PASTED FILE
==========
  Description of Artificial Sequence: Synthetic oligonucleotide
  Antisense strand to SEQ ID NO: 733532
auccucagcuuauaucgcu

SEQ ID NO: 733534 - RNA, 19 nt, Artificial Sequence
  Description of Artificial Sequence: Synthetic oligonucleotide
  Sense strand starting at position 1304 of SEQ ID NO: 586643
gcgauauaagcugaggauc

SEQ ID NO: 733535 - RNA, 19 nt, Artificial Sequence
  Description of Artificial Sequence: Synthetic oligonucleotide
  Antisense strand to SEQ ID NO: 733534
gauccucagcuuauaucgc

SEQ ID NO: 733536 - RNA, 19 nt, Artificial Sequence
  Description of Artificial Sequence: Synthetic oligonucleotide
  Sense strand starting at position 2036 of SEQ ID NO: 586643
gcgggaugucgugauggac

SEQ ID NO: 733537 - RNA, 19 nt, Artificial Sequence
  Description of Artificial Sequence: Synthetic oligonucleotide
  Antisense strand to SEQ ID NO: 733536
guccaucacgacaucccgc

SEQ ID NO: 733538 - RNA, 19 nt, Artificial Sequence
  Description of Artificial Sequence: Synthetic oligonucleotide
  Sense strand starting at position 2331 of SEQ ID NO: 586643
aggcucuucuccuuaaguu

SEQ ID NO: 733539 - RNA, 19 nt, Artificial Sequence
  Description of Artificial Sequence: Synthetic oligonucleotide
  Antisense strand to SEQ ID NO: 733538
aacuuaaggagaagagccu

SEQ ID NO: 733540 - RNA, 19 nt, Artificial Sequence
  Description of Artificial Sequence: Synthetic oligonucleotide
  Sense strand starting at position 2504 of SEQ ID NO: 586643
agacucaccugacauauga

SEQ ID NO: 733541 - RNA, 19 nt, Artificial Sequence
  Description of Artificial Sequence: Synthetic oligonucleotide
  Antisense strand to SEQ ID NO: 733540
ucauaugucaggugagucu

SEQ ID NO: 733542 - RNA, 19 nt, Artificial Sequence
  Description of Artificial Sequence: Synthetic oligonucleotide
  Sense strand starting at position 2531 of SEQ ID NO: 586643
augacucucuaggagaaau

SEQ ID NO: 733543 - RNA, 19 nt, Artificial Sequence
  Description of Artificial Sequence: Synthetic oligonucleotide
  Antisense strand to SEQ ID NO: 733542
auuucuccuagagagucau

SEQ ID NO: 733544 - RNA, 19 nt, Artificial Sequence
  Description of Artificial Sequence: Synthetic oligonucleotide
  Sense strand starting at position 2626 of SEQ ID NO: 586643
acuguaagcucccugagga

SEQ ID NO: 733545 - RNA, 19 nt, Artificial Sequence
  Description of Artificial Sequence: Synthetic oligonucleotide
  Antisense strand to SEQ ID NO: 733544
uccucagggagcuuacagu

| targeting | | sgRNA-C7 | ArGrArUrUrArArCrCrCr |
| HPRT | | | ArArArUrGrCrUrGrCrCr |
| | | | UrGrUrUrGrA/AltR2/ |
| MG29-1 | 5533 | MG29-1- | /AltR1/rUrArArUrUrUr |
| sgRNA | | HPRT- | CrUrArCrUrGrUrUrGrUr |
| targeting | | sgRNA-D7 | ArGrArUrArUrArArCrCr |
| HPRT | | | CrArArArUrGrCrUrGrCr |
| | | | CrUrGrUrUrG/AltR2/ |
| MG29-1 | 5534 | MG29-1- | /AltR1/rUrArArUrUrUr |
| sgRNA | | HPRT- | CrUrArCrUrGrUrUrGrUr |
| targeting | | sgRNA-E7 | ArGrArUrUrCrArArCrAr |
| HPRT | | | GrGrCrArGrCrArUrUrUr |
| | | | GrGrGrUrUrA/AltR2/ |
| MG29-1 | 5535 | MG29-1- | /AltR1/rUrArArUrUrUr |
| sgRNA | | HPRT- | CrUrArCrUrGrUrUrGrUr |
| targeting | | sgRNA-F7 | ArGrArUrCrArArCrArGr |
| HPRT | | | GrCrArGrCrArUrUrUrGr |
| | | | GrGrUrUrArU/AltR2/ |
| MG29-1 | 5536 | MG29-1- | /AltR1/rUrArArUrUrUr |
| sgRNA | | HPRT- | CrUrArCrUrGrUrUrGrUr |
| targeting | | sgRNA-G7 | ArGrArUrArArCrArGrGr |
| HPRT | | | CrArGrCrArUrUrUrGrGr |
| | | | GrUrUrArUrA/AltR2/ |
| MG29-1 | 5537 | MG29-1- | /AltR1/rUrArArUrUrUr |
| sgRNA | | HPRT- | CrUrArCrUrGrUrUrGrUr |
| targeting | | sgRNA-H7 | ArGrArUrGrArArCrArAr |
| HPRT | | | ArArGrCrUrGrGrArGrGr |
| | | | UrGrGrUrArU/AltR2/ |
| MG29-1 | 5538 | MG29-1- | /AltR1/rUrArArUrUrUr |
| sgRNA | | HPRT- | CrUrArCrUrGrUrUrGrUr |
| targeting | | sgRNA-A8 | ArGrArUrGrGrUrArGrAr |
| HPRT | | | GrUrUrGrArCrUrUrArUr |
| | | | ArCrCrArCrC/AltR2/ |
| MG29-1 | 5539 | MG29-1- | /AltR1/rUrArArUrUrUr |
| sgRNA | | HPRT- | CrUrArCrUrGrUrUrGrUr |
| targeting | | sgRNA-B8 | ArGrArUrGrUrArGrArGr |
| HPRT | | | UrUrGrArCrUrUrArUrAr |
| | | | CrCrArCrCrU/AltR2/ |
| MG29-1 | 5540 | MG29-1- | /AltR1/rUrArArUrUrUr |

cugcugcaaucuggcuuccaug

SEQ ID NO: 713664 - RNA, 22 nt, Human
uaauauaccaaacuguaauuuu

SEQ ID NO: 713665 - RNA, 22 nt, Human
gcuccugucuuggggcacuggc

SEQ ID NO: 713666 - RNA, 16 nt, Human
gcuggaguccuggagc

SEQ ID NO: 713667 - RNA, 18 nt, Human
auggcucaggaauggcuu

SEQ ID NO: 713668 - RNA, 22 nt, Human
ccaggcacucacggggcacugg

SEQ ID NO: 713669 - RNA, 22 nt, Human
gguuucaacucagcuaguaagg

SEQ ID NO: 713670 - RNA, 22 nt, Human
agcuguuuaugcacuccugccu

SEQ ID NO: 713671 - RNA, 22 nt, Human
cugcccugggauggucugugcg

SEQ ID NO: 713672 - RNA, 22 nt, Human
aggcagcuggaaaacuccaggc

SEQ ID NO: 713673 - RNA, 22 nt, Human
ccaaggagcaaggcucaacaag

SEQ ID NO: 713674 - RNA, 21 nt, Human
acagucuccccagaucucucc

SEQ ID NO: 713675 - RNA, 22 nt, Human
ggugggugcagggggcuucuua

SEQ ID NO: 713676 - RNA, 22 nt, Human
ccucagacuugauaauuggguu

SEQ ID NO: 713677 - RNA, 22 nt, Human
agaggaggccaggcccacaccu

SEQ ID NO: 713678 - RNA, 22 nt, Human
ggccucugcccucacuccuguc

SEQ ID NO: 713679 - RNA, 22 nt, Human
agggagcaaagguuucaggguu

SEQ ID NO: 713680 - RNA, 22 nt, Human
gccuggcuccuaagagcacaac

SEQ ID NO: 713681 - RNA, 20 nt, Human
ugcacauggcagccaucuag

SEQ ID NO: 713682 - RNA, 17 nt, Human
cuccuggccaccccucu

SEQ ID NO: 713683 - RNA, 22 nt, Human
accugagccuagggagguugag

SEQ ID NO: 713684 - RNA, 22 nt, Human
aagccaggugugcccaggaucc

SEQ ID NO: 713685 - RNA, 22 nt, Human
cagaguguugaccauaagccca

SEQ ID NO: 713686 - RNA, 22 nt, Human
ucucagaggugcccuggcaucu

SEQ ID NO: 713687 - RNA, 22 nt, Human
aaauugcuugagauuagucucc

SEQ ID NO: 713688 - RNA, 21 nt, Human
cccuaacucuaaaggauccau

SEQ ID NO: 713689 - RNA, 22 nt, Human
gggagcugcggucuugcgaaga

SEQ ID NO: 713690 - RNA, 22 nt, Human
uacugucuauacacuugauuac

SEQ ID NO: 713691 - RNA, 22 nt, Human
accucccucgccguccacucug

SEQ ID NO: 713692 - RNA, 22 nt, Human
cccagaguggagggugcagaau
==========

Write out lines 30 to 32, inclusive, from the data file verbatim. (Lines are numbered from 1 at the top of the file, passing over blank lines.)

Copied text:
  Sense strand starting at position 2504 of SEQ ID NO: 586643
agacucaccugacauauga

SEQ ID NO: 733541 - RNA, 19 nt, Artificial Sequence